Alabama Agricultural and Mechanical University (Alabama A&M), Auburn University, and Tuskegee University are Alabama's land grant colleges. These institutions were created under the Morrill Acts, which were enacted to improve agricultural education. Today, the institutions serve the state as well as the national and international communities with their research and outreach in many fields, including agriculture, engineering, and animal sciences.
Convinced that the United States was falling behind Europe in agricultural production and education, Vermont congressman Justin Smith Morrill proposed to the U.S. Congress, in an 1857 bill, that the federal government provide a means for the states to fund educational institutions to foster learning and research in agriculture and the mechanical arts. Congress approved Morrill's bill in 1858, but it was vetoed by Pres. James Buchanan. Four years later, under new Pres. Abraham Lincoln, Morrill reintroduced the bill with an added proviso that military education be included in the new curriculum. Lincoln, unfettered by Buchanan's constitutional reservations, signed the Morrill Act, as it came to be known, in July 1862. The act granted each state 30,000 acres of public land, to be chosen by the states, within the state borders for each representative and senator it had serving in Congress. The states could then sell the land and use the proceeds to establish colleges or universities whose primary function centered on educating people in better agricultural practices, "mechanical arts" (today called engineering), and military science. Enacted during the Civil War, the Morrill Act initially excluded those states in rebellion against the Union.
During Reconstruction, Congress amended the act in 1866 to permit former Confederate states to participate, and competing forces within Alabama began vying to locate the proposed institution within their region. Because Congress did not permit money generated from the Morrill Act to be used for constructing campus buildings, any proposal that included existing and ready-to-use buildings had an advantage in the selection process. In addition to the prestige that would come to the community chosen to host the college, an accompanying economic boost—courtesy of incoming students and their money—would also befall the lucky community.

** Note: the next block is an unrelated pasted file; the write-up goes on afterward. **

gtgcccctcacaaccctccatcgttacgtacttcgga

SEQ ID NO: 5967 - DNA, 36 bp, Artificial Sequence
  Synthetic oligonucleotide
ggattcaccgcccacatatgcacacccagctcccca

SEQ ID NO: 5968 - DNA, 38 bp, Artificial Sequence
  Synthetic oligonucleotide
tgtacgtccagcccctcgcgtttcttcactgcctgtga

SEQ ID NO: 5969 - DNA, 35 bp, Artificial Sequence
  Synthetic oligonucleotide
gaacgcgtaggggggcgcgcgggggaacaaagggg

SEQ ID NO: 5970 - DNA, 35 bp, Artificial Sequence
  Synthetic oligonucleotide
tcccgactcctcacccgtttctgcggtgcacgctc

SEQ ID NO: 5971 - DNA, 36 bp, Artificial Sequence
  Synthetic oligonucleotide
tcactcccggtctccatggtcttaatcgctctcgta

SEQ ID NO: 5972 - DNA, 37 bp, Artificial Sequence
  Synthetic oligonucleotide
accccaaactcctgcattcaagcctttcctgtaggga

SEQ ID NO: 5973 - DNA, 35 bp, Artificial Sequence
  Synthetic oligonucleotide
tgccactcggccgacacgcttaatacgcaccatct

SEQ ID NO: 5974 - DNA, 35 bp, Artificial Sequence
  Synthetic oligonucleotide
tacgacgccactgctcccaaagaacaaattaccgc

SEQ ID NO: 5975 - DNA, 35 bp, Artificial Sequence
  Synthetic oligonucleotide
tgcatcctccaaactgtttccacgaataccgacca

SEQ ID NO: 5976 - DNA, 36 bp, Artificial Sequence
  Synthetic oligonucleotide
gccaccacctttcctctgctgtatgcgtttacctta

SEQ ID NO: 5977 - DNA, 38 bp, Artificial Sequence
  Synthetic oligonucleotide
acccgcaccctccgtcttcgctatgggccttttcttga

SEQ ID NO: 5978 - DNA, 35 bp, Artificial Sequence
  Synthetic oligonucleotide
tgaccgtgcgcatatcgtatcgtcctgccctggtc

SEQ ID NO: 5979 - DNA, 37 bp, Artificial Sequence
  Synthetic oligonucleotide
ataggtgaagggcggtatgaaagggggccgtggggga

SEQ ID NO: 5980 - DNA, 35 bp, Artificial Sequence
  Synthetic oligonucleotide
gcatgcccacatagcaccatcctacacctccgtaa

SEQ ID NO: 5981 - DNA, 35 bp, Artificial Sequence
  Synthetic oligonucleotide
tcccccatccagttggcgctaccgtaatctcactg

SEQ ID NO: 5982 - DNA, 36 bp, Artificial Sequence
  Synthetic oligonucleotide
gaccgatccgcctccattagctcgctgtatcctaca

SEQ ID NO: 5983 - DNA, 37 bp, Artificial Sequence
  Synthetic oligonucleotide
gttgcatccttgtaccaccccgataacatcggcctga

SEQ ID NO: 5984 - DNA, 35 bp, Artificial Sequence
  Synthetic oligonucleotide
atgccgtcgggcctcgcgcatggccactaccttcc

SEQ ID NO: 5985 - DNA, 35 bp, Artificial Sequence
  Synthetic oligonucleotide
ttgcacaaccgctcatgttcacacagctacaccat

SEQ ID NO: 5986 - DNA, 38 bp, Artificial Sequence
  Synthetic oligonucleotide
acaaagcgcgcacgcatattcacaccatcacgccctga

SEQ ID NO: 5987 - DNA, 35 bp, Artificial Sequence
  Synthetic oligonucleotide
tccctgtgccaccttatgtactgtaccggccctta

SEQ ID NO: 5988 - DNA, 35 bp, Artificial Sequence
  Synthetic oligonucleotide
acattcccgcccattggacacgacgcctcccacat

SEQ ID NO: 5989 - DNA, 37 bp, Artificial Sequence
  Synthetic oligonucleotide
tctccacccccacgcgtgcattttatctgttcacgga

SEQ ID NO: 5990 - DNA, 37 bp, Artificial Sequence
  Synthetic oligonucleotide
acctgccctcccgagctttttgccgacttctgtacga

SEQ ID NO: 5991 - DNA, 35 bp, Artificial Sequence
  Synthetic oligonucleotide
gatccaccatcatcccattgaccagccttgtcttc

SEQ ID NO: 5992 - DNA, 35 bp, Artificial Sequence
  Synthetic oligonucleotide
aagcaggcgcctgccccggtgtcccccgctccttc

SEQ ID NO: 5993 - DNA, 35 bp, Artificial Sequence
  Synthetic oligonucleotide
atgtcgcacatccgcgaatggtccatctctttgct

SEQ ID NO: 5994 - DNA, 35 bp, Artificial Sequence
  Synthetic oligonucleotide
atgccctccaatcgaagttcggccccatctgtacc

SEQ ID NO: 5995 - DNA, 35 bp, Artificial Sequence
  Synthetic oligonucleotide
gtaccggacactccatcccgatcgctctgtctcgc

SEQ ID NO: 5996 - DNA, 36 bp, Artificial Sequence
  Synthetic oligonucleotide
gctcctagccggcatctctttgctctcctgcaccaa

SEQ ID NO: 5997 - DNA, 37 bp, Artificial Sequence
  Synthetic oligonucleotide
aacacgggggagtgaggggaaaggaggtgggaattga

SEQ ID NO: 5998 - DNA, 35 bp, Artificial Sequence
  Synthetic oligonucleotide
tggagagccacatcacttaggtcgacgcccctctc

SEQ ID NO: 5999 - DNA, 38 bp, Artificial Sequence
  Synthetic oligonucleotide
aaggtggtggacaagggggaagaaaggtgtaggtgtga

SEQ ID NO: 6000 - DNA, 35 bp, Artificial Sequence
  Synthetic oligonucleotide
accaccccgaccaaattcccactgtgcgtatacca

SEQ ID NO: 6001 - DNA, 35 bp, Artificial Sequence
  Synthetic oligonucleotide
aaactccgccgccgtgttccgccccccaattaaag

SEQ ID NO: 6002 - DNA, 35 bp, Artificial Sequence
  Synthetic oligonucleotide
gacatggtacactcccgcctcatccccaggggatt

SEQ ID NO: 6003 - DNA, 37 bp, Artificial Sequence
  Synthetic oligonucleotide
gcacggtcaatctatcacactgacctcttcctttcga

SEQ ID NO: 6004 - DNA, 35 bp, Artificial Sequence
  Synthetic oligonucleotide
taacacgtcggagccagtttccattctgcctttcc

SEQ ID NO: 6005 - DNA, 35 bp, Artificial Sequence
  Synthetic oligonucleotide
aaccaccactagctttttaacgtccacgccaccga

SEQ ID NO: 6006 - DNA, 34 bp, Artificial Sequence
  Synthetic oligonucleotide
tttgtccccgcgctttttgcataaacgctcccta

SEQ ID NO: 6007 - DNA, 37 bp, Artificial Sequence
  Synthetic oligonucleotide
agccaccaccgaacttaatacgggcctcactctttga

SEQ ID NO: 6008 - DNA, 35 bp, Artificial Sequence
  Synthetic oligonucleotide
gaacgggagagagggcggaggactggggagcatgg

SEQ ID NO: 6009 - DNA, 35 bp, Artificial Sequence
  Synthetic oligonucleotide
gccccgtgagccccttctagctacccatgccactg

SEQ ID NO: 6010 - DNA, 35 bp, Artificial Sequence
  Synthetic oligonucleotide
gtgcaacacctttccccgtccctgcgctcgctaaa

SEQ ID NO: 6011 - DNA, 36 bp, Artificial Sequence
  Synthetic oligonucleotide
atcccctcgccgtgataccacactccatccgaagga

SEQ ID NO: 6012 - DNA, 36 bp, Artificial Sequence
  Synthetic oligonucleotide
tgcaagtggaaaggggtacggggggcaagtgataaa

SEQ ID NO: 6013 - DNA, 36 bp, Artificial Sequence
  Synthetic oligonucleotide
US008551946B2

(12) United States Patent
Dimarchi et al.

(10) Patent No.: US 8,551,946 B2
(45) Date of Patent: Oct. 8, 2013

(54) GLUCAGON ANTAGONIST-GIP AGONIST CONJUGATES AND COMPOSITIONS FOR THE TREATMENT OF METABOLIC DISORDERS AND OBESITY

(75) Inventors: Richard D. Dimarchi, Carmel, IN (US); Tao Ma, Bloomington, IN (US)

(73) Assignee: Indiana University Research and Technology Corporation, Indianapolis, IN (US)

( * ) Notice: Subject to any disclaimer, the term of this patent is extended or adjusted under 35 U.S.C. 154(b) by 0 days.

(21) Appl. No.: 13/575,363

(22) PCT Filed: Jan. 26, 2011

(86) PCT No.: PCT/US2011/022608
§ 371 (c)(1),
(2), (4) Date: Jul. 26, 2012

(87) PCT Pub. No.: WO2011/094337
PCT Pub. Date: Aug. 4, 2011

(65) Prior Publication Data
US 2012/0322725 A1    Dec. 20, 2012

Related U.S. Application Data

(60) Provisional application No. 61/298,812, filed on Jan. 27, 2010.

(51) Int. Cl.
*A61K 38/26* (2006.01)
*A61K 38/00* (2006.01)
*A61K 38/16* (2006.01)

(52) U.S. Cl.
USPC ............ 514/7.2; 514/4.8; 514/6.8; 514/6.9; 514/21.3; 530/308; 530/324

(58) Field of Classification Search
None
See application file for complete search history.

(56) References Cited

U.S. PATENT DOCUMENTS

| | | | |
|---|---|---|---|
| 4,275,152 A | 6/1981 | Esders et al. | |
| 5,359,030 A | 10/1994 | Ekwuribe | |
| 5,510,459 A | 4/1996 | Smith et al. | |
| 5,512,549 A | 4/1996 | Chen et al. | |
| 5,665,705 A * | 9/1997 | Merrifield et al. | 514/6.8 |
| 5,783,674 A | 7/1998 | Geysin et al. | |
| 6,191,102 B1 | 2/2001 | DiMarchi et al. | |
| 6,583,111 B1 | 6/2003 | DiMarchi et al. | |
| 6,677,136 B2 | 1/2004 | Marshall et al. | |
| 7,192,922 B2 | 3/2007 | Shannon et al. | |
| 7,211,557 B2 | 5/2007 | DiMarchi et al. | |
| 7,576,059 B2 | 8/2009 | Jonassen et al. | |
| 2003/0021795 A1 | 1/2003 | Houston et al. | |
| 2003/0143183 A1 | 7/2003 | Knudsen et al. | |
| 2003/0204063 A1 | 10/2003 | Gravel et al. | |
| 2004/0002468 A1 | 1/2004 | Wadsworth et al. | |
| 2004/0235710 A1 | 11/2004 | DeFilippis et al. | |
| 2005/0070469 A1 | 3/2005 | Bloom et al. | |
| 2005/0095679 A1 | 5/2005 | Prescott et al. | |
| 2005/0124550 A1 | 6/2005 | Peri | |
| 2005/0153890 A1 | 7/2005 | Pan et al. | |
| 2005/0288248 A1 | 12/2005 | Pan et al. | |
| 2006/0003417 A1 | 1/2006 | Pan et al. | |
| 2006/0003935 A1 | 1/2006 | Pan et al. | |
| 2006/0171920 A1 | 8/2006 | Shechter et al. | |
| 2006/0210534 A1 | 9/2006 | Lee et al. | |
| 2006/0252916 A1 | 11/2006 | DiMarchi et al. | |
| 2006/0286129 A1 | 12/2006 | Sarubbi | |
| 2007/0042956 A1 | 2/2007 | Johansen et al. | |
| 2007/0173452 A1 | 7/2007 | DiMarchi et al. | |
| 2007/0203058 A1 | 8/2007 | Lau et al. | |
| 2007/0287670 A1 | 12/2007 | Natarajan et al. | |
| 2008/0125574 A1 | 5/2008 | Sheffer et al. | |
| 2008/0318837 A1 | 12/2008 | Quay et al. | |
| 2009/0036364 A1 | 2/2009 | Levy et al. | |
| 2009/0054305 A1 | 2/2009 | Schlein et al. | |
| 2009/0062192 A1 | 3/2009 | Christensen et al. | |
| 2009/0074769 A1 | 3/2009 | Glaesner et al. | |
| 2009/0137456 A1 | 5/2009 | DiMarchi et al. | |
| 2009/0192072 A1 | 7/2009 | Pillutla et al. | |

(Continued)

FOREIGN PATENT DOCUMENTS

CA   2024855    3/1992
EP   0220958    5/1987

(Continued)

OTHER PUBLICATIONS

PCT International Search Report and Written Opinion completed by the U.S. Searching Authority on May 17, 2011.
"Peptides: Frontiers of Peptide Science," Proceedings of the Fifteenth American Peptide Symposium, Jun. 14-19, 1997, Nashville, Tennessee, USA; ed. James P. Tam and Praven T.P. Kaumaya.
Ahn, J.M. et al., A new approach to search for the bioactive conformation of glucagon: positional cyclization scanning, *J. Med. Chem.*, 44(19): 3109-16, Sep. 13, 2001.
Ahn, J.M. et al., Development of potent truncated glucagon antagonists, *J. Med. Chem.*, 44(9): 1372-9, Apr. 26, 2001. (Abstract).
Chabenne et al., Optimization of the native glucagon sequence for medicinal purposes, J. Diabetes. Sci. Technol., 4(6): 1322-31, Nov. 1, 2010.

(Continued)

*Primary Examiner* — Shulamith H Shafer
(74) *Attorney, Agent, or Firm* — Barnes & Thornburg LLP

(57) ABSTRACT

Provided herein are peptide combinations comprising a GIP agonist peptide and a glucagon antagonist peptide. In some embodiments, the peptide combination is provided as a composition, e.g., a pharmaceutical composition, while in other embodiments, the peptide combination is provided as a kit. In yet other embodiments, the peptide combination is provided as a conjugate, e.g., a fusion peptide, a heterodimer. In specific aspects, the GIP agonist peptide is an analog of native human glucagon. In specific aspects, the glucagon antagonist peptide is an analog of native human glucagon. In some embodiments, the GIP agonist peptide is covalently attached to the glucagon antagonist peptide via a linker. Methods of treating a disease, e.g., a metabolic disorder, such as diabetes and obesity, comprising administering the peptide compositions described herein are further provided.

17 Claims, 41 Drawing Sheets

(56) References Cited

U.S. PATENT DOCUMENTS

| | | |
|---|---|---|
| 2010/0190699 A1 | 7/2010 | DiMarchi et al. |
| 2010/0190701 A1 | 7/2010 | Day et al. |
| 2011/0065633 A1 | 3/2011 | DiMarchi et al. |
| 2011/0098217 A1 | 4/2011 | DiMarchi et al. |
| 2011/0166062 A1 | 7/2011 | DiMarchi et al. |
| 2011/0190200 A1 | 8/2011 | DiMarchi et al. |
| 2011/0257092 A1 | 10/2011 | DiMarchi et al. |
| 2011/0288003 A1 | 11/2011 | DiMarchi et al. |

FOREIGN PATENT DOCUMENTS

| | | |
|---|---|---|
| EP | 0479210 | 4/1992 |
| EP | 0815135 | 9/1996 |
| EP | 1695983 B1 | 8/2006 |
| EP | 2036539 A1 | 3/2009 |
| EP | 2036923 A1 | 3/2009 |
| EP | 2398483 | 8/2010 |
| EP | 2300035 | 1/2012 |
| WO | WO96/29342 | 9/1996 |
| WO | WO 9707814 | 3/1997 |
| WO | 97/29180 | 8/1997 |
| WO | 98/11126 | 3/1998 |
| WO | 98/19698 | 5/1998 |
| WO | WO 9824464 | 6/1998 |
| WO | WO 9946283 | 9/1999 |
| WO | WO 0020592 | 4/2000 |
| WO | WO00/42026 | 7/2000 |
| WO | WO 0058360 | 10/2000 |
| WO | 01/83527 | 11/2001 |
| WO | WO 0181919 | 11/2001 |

Other federal legislation after the initial Morrill Act allowed states to expand their land-grant programs and outreach efforts. The Hatch Act of 1887 provided funds for establishing agricultural research stations. Shortly thereafter, the Morrill Act of 1890 provided for the creation of separate land-grant colleges for African Americans as well as annual cash appropriations for all land-grant colleges. Finally, the 1914 Smith-Lever Act allocated money for extension work. Three universities in Alabama would benefit from these legislative developments.
The East Alabama Male College had been struggling with financial difficulties since 1859 and even closed down during the Civil War. Alabama Methodists voted to donate the school to the state, and the townspeople of Auburn offered 100 acres if the legislature established a land-grant program at the school. Sheldon Toomer, who represented Lee County in the state House of Representatives, and state senator J. L. Pennington of Lee County guided a bill through the legislature that made the former East Alabama Male College the site of the state's land-grant college in 1872. Officials then re-christened the institution the Agricultural and Mechanical College of Alabama. It was renamed the Alabama Polytechnic Institute in 1899 and finally Auburn University in 1960.
Although historically known for its programs in agriculture, engineering, and the sciences, as well as its Reserve Officers Training Corps (ROTC) programs, Auburn maintained its East Alabama Male College roots and has continued to emphasize the importance of the liberal arts. Of the 13 schools and colleges that comprise the present university, the College of Liberal Arts is the largest.
Alabama A&M University